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Film Review: Step Up All In

Poster for Step Up All In (2014)
Step Up All In (2014)

Step Up All In

Rating:
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"Every Step Has Led To This" reads the tagline to the latest film in the Step Up franchise, Step Up All In. In a way, that remark is correct. The writers of the fifth film have incorporated characters from the last three films, blending them altogether in yet another mediocre plot line tied in with some breathtaking dance moves. Step Up All In redeems the franchise after the previous one, but still is not as great as the films that came before it.

It was interesting to see who the writers chose to bring back for this movie. Instead of taking a single pair from one of the other films, they pulled the lead actress from Step Up To The Streets (#2) and the lead actor from Step Up Revolution (#4). They then make up silly reasons for them to no longer be with the person they instantaneously fell for in their own movie and force them into having a romantic connection in this one. Luckily their lack of acting skills, along with many of the other big roles, are made up for by the incredibly way their bodies move. Unfortunately, the better dancers do not have the bigger parts in the film. Most of the scenes with big dance solos are given to the minor characters who stick to the dancing. Fan favorites like Twitch, Vladd, The Santiago Twins, and Jenny Kido are back for the latest installment, along with several new faces in the crew.

Honestly, the movie is saved by the major focus on the relationship of Moose and Camille, who were also the subplot in Step Up 3D. Not only does their chemistry seem palpable, but their acting skills are good enough where they are 100% believable in their dialogue. While their lives seem much steadier than normal young adults typically have (Moose is a big-time engineer fresh out of attending NYU), they are the characters you truly take an interest in. It also helps that Moose, who is the leader of both the big dance routines, is an incredibly talented dancer and draws your attention the second his body starts moving.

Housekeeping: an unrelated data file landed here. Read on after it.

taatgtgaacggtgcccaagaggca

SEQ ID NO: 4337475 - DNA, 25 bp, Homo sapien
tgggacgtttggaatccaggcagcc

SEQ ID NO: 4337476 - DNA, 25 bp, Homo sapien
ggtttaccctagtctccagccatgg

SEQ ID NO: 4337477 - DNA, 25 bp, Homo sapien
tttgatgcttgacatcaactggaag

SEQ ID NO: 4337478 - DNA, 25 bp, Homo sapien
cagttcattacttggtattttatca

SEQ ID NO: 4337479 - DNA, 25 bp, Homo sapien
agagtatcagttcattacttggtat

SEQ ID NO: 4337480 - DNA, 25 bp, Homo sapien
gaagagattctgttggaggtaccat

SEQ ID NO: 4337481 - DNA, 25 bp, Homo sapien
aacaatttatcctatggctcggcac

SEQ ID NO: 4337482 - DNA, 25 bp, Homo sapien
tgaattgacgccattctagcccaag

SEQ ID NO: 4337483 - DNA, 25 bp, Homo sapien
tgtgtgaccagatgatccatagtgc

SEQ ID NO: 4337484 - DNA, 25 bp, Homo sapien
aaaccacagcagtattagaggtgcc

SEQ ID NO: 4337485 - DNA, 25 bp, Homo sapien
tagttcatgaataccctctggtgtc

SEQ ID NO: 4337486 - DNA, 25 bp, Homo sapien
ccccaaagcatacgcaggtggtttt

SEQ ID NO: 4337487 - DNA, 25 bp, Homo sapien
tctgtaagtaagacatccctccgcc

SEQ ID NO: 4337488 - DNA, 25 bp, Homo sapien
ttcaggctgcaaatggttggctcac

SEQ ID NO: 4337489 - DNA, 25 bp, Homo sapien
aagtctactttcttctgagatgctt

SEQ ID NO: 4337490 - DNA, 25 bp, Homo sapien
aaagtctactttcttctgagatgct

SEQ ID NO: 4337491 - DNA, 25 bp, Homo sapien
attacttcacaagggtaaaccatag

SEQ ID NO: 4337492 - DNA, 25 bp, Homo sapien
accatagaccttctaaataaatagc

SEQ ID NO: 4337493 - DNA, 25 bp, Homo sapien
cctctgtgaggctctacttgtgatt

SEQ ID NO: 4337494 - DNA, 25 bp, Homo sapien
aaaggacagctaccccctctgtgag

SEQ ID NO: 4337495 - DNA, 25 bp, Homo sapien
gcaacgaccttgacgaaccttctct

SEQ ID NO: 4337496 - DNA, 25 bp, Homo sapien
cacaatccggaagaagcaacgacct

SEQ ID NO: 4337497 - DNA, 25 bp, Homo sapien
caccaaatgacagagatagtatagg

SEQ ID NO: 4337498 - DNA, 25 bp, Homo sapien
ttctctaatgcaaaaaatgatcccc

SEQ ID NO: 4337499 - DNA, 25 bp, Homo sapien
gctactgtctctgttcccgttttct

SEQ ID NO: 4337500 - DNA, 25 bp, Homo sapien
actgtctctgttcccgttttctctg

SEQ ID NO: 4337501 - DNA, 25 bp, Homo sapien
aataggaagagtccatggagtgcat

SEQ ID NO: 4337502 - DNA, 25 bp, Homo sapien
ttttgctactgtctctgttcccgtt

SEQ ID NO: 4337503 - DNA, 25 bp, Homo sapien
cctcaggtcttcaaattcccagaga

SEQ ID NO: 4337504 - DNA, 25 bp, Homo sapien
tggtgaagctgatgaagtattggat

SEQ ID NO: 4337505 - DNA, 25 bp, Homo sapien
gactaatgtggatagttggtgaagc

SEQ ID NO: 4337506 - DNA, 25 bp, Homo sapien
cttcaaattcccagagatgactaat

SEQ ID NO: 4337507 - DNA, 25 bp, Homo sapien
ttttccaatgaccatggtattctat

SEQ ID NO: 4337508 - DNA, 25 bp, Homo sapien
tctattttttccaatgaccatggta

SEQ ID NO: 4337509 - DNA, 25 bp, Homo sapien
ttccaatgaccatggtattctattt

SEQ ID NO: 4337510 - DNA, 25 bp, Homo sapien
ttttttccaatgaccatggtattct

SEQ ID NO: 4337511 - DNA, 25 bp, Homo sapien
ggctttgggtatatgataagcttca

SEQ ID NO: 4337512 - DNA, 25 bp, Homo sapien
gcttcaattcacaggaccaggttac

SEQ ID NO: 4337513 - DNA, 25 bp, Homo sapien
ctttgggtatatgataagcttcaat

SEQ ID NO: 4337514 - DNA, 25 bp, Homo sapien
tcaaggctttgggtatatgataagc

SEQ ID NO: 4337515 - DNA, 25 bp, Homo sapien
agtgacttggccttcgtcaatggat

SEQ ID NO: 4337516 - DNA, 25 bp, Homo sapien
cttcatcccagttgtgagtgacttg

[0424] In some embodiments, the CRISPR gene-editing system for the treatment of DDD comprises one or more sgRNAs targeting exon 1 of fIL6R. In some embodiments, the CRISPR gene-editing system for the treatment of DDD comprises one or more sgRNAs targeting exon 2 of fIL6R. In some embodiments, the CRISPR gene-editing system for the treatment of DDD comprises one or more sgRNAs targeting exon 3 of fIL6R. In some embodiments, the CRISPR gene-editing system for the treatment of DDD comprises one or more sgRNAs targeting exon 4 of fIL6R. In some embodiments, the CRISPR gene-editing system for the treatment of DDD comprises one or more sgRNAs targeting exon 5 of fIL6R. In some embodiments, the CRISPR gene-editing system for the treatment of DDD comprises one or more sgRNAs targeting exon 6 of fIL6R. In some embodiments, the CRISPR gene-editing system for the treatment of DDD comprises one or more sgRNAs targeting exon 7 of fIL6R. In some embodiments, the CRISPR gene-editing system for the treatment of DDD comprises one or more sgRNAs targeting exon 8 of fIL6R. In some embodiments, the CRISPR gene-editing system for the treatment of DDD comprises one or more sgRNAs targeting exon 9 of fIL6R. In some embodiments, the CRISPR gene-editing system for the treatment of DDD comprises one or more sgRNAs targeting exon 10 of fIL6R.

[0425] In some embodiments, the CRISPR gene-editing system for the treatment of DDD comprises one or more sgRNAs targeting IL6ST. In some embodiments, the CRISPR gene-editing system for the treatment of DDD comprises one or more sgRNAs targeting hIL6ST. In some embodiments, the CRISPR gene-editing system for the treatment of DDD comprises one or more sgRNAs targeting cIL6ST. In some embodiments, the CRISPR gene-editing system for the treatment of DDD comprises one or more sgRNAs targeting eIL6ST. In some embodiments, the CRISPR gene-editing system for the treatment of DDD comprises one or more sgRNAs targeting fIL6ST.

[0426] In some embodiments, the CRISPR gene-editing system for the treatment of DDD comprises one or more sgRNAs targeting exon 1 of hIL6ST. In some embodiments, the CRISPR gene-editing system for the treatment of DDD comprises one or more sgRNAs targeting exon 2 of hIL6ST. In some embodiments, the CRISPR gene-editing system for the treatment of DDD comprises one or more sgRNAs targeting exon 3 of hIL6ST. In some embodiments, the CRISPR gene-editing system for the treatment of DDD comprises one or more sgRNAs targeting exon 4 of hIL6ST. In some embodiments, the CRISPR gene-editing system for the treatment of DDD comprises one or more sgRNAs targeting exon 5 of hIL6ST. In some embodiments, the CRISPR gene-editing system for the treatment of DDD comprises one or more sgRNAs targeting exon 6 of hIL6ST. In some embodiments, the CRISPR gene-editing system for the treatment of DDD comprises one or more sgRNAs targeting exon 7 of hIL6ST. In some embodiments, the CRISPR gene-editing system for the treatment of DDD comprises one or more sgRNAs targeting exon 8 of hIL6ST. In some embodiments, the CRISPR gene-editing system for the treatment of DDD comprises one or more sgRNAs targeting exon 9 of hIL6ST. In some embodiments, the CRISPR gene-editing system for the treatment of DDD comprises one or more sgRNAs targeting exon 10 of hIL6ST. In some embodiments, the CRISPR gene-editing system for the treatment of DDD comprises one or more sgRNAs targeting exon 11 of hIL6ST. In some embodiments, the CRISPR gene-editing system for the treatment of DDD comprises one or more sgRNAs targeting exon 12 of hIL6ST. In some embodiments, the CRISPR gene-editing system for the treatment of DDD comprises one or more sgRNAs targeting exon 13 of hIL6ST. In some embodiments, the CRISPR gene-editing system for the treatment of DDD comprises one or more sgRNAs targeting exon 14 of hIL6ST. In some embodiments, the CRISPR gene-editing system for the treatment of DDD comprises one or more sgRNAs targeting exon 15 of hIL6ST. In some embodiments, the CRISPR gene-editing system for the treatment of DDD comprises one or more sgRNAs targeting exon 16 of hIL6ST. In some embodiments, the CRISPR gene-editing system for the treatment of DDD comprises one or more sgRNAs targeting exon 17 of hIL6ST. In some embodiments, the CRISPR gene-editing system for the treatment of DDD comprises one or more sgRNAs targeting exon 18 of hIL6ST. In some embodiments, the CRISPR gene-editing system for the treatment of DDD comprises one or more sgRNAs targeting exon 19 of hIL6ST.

Besides the plot being average (which really all of the Step Up plots are) and the acting being only so-so, the big problem with this movie is the real lack of dancing. While there is definitely more dancing than in Revolution, there are not enough choreographed group dances. There is a lot of "freestyle" dances in the beginning portion of the film, but not any moves that really make you sit on the edge of your seat. Only three big dances appear in the entire run of the movie, and two are right at the very end. They are creative and are the only portions of dance that really stand out in the film.

Step Up All In is one of the better movies in this franchise, but certainly is not a great movie. A lot of the dancers are not great at being believable characters, although there is no doubt they are talented once they start to truly show their craft. There needed to be more dancing and less plot, with perhaps more of Moose and Camille, and less of the forced story with two random old characters.